Assessing individual well-being before and during medical travel may allow for a more individualized approach toward patient needs and help direct resources in response to these needs. Of broader consequence, assessing change in patient well-being before and after medical travel could help to evaluate the direct effects of the entire intervention. As such, there is considerable need for robust evidence using controlled trials to assess the long-term impact on health and well-being for those who received treatment abroad compared with those who received the same treatment in their own country, and those on long-term waitlists. It should also be emphasized that different instruments and methods may be required to assess short- and long-term changes (33).
Combining reliable and validated measures with more qualitative data gathering, such as feedback questionnaires and patient and carer interviews, will add further depth to policy discussions. It will allow policy makers and researchers to identify key issues related to well-being; aspects of the medical travel process that have greatest impact, either positive or negative, on the patient and their carers; and identify whether well-being is in fact a concern for a global policy on medical travel. This will facilitate the calibration of a more effective health access policy that is based on individual consequences and potentially societal impact.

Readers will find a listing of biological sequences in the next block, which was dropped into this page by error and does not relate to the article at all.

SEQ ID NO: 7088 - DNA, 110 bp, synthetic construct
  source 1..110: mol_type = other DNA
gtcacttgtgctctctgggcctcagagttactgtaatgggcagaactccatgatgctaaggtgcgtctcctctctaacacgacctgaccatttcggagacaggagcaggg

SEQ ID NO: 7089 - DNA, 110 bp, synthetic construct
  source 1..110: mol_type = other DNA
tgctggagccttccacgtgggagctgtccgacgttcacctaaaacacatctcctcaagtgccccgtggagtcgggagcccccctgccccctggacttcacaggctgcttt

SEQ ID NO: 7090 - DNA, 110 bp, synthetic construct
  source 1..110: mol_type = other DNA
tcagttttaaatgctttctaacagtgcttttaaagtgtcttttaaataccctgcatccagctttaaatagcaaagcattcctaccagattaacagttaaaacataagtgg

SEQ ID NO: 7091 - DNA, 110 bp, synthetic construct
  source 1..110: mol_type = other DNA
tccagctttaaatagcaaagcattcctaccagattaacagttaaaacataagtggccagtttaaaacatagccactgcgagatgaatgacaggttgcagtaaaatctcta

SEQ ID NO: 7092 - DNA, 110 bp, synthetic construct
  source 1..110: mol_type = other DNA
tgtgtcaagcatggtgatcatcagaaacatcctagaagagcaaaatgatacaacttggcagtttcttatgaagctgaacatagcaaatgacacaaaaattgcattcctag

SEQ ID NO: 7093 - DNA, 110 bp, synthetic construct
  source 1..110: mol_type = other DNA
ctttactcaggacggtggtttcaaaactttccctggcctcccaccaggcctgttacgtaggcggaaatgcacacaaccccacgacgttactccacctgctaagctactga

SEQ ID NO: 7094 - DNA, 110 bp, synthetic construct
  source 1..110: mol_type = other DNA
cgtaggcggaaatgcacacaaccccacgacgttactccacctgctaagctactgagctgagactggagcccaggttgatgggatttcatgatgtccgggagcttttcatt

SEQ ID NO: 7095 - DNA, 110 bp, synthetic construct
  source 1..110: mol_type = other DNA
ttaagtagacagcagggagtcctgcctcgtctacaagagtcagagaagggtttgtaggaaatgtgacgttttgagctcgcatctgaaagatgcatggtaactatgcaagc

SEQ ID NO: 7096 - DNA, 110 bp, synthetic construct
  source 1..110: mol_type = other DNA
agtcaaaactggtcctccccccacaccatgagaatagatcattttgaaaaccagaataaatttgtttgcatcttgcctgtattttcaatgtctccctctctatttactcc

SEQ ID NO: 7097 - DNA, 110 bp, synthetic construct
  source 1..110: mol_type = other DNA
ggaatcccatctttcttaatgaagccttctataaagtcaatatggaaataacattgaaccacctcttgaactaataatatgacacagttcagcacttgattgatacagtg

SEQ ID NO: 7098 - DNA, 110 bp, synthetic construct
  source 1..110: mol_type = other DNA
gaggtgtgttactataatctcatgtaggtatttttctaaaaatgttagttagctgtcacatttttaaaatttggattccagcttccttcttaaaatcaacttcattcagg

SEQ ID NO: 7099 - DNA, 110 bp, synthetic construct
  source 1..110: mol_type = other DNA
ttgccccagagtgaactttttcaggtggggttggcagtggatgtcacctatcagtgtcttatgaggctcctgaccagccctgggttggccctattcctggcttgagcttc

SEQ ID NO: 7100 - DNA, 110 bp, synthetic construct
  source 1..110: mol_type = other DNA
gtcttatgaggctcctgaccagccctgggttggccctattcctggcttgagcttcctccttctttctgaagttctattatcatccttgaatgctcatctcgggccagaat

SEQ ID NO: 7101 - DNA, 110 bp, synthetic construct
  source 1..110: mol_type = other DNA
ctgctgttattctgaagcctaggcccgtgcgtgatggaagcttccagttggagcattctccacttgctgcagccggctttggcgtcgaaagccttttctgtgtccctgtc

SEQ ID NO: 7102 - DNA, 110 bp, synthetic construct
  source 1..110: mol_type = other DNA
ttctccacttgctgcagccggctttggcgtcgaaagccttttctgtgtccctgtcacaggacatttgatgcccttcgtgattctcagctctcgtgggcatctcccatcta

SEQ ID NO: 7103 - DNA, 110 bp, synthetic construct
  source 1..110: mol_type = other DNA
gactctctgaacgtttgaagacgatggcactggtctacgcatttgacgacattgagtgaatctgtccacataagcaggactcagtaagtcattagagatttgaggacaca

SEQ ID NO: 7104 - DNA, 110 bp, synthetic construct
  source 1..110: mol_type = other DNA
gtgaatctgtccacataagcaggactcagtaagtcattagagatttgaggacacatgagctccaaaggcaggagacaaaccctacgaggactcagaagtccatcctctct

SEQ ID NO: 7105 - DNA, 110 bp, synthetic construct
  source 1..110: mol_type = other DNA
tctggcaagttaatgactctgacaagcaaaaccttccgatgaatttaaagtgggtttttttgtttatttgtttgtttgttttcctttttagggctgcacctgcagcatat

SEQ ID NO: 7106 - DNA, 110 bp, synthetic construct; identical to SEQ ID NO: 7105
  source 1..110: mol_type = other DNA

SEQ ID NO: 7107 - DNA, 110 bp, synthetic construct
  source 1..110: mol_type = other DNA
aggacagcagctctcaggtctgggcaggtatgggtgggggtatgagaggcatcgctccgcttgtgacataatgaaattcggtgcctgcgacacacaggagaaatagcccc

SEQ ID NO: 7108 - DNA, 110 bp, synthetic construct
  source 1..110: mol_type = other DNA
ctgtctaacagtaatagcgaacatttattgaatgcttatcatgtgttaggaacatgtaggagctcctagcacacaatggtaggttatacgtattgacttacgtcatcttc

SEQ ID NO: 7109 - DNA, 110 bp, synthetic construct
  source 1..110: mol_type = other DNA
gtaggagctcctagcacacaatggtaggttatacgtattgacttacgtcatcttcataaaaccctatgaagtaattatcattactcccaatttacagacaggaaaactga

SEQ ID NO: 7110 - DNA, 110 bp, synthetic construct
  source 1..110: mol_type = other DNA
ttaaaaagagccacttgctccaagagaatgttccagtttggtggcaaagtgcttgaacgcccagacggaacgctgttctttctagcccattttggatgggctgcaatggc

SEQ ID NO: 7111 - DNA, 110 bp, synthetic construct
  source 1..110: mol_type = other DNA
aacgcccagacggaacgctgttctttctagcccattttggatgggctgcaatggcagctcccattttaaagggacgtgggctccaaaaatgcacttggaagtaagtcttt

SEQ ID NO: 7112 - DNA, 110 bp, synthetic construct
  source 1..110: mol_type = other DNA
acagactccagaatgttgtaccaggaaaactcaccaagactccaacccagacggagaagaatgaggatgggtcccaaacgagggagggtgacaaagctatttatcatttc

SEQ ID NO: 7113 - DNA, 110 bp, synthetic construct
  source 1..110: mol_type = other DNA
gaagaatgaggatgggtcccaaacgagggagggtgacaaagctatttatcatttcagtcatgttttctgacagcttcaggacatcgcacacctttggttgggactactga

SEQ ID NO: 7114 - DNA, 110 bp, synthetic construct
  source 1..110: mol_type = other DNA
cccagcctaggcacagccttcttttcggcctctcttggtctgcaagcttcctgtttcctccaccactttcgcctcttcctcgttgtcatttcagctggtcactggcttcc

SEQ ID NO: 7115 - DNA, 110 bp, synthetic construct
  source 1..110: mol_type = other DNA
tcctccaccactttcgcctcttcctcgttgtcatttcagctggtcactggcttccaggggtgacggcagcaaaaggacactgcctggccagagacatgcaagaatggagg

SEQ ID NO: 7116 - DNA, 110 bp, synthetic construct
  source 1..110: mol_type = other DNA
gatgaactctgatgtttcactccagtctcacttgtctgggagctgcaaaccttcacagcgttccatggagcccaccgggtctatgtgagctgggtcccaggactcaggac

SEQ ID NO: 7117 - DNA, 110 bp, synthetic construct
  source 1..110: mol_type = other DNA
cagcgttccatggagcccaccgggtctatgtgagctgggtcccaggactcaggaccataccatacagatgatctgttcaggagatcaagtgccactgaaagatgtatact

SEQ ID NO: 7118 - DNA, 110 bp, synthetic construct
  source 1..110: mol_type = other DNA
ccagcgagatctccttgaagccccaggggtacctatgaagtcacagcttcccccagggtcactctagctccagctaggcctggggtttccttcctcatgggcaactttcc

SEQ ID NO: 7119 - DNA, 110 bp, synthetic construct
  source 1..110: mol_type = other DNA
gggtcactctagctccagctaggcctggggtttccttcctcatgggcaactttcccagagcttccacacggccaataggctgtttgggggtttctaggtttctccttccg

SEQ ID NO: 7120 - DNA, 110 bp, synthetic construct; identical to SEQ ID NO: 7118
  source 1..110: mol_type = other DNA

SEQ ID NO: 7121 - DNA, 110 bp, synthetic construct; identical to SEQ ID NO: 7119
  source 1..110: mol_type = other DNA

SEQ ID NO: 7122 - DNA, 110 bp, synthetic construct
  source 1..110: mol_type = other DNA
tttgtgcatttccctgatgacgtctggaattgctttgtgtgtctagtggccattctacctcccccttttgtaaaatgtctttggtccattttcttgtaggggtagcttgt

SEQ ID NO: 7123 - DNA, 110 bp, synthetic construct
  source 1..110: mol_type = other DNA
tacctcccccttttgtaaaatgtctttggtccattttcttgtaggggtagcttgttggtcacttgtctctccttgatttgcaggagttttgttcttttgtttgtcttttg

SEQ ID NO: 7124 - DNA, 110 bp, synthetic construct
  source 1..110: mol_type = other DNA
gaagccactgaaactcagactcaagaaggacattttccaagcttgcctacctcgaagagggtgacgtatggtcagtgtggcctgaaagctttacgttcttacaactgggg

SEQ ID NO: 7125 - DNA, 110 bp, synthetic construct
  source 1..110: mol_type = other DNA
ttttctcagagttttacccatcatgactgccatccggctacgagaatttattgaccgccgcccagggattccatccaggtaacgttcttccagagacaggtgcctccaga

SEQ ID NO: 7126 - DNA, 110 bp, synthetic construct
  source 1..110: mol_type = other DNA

Myriad arguments for and against medical travel are available, and the numbers of patients traveling abroad for medical treatment appears to be increasing regardless (2). Currently, medical travel is subject to minimal regulation or standardization, and many of its limitations and risks go beyond those addressed in treatment countries’ existing policies and guidelines (6). This inevitably calls for a coherent global health access policy that ensures the adequate provision of care, and considers the impact of medical travel on the health and well-being of patients and other stakeholders.